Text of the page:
• CodeNo institution specified
  • Comment
  • Source

    There is no specific authority in Denmark entrusted with monitoring the adherence to political financing rules by political parties, related entities or election candidates and there is no public authority established to check the relevant accounting records of such entities and persons. However, the General Audit Office (Rigsrevisionen), which is an independent institution under Parliament, examines the soundness of all state accounts, i.e. checks that they are without significant errors and deficiencies and this Office is, according to the Grants to Political Parties (Consolidation) Act (Section 7c), authorised to demand accounting records from the beneficiary parties that have received public funding in order to examine how such funding has been spent and, in this context, may check the accounts of political parties.

    GRECO (2009) Evaluation Report on Denmark on Transparency of Party Funding (Theme II), p.10.

57. What power is granted to the institution(s) responsible for examining reports and/or investigating violations?
  • CodeNot applicable
  • Comment
  • Source

    There is no specific authority in Denmark entrusted with monitoring the adherence to political financing rules by political parties, related entities or election candidates and there is no public authority established to check the relevant accounting records of such entities and persons. However, the General Audit Office (Rigsrevisionen), which is an independent institution under Parliament, examines the soundness of all state accounts, i.e. checks that they are without significant errors and deficiencies and this Office is, according to the Grants to Political Parties (Consolidation) Act (Section 7c), authorised to demand accounting records from the beneficiary parties that have received public funding in order to examine how such funding has been spent and, in this context, may check the accounts of political parties.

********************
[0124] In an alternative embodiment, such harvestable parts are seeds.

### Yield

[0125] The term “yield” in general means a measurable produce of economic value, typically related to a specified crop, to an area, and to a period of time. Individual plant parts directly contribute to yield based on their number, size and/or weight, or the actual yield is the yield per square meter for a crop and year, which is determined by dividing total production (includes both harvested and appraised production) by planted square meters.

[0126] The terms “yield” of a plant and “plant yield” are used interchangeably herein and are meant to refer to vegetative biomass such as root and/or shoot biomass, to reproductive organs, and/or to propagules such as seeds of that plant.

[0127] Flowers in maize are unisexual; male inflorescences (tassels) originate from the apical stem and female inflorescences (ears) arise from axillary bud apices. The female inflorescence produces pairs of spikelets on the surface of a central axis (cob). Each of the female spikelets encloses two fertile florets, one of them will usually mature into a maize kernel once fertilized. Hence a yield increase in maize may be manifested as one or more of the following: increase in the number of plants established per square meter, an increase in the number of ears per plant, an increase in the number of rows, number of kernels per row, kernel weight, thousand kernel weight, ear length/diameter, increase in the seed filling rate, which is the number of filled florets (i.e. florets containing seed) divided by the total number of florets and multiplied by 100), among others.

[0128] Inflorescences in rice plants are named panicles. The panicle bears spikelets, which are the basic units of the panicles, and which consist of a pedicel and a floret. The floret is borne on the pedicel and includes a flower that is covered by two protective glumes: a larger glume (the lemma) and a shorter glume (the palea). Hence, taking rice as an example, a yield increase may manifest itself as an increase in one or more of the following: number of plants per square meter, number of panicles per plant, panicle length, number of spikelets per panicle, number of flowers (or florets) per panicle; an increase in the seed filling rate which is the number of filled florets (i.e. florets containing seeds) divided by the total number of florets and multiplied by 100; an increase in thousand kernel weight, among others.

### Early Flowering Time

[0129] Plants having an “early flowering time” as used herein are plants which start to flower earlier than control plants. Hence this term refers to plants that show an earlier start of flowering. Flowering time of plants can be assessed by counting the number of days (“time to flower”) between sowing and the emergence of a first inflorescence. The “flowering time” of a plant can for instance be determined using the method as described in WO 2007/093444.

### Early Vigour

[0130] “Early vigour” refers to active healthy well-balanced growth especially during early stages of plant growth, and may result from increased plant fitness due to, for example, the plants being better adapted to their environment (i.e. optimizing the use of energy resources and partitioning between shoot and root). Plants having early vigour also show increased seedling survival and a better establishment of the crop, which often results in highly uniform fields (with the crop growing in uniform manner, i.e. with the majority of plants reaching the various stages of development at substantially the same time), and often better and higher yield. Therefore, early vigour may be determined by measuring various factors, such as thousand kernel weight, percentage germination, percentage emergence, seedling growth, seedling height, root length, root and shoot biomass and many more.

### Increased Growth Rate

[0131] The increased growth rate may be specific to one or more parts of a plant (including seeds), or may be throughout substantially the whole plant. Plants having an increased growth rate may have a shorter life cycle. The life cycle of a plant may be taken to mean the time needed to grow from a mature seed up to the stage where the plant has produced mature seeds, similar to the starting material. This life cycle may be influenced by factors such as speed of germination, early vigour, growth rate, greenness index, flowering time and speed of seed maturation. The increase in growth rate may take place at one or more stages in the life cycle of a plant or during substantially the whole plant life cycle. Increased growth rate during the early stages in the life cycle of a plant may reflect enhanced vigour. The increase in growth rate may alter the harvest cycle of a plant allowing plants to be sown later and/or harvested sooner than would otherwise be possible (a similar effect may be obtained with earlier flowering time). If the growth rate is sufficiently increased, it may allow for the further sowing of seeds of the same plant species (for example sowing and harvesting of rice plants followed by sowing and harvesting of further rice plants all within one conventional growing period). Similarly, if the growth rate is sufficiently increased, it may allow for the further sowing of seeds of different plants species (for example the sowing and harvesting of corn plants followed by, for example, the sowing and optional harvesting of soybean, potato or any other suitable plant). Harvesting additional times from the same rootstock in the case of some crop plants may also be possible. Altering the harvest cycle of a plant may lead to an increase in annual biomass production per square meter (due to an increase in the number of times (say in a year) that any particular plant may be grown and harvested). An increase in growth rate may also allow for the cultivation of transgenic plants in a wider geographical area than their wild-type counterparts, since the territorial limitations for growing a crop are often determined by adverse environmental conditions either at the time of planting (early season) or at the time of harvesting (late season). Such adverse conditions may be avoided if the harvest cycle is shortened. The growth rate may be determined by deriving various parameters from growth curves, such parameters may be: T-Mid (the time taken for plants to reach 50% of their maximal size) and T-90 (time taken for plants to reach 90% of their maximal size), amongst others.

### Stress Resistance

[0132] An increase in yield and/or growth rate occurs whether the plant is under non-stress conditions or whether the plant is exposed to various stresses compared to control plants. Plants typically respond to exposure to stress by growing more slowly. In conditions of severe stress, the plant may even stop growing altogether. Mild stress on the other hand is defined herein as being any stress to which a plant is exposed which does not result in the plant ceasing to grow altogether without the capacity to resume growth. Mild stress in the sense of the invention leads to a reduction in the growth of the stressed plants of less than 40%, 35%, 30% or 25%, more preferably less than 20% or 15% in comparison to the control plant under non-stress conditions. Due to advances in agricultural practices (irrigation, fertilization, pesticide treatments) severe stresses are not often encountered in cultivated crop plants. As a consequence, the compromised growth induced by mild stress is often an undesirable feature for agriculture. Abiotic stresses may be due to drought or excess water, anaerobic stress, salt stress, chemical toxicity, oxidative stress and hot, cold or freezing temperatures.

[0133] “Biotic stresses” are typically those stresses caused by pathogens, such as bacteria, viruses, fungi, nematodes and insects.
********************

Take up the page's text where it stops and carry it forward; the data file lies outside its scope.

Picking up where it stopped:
GRECO (2009) Evaluation Report on Denmark on Transparency of Party Funding (Theme II), p.10.

58. What sanctions are provided for political finance infractions?
  • CodeFines | Prison | Loss of public funding
  • Comment
  • Source

    The particular legislation on political financing in Denmark is connected to sanctions, i.e. both the Accounts of Political Parties Act and the Public Funding Act contain sanctions in case political parties, their representatives or election candidates provide incorrect or insufficient information. The sanctions comprise a fine or imprisonment of up to 4 months and can, similar to any other offence (for example bookkeeping offences under the Criminal Code) only be imposed by a court of law following the ordinary criminal law procedure. Furthermore, the failure to submit the annual accounts in the request for public funding will lead to the non provision of such funding.

    GRECO (2009) Evaluation Report on Denmark on Transparency of Party Funding (Theme II), p.15.